After my last post and several weeks of feeling tired and having not-so-encouraging workouts, I came to a conclusion. Either one of two things was happening: 1) I was not working hard enough and my slow times was a reflection of not sticking to my training plan or 2) I was overtrained and needed some rest. I felt the former was the likely culprit, KM and my husband felt it was the latter. But how do you tell?
Sidebar: I avoid bathroom scales like the plague. I used to weigh myself religiously every morning, sometimes twice a day, obsessed with even a 0.5lb gain. Eventually I realized that was not healthy or productive and I have since adopted the "how does my clothes fit" or "how many hours is my long workout" as gauge for my fitness. When I started losing weight several years ago, I set my target weight at 135. When I couldn't reach that number, I decided I would settle for 140, but still push for 135 during racing season. Even that never happened. The only time I weighed 135 after puberty, was after my first jaw surgery and I lost 15 pounds in a month while on a liquid diet. Not good. The hardest part for me is that at 5'4" and 140 lb, my BMI is 24.8, which is just barely in the healthy range.
That's right. Hi, my name is Sam and I'm 5' 4" and 140 lb.
By all social standards, I am on the very heavy side of healthy, just one PMS day from being clinically overweight. Basically, my weight is not a good way for me to evaluate the shape I'm in, unless I'm actively looking for a way to crap in my own coffee.
So I made a deal with my husband. I would go for body fat testing, and if I was less than 19%, I'd take some rest. If I was over 19% then (in my crazy-girl brain) I was tired for reasons other than overtraining and needed to stick with my training plan. The last time I had my body fat tested was in grad school, right as I was training for my first triathlon. I don't remember the specifics, but I think it was 21 or 23 percent, in the acceptable range, but higher than I wanted. As a reference, for women between the ages of 20 and 29 (taken from the sheet given to me by the personal trainer), >29.9% is considered obese, 24.6-29.9% is overweight, 19.9-24.5% is normal, 15.8-19.8% is athletic, <15.8% is elite, and I belive somewhere below 10-12% is underfat and not healthy.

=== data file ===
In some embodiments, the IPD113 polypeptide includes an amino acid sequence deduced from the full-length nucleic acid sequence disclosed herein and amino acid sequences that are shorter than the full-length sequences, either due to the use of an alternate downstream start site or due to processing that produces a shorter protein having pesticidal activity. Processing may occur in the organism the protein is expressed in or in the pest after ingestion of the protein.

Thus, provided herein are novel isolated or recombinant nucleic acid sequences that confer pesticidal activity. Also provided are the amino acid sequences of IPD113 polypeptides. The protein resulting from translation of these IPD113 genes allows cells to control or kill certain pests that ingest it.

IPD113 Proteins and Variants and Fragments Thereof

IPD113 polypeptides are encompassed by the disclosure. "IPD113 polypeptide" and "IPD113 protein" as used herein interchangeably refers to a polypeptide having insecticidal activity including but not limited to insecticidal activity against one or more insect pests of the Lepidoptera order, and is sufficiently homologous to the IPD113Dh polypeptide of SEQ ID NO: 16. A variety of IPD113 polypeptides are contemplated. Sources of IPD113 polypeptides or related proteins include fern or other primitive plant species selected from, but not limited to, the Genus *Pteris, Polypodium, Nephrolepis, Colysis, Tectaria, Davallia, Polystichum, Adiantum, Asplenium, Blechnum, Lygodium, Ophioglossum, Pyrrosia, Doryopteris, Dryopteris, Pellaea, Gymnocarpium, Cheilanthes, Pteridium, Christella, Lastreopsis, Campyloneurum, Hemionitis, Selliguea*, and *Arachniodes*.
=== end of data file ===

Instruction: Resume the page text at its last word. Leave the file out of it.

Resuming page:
On Friday I went to a local personal training gym and the owner got out the calipers. Flashbacks to Phys. Ed, freshmen year of high school where body fat testing was mandatory and everyone got pinched in front of the class. Good thing we're in a private room. Anyway, the bottom line was this: my body fat is around 15%, which means I need to give myself a break and take some rest. Hubby-dearest was right. From a body composition standpoint, I have nothing to gain by working harder and everything to gain by taking some rest. It also means that if I ever want the numbers on the scale to be any lower, I'm going to lose muscle mass so I should stop trying to break into the 130-digits and be happy with what I have. Easier said than done.
I'm not trying to recommend body fat testing for just anyone. It can be downright traumatic. But for someone who is "dense" like me, and frustrated with weight loss and sports performance, it is a good number to know. Maybe the next time I renew my driver's license, I'll use my real weight and be proud of it.
10 hours ago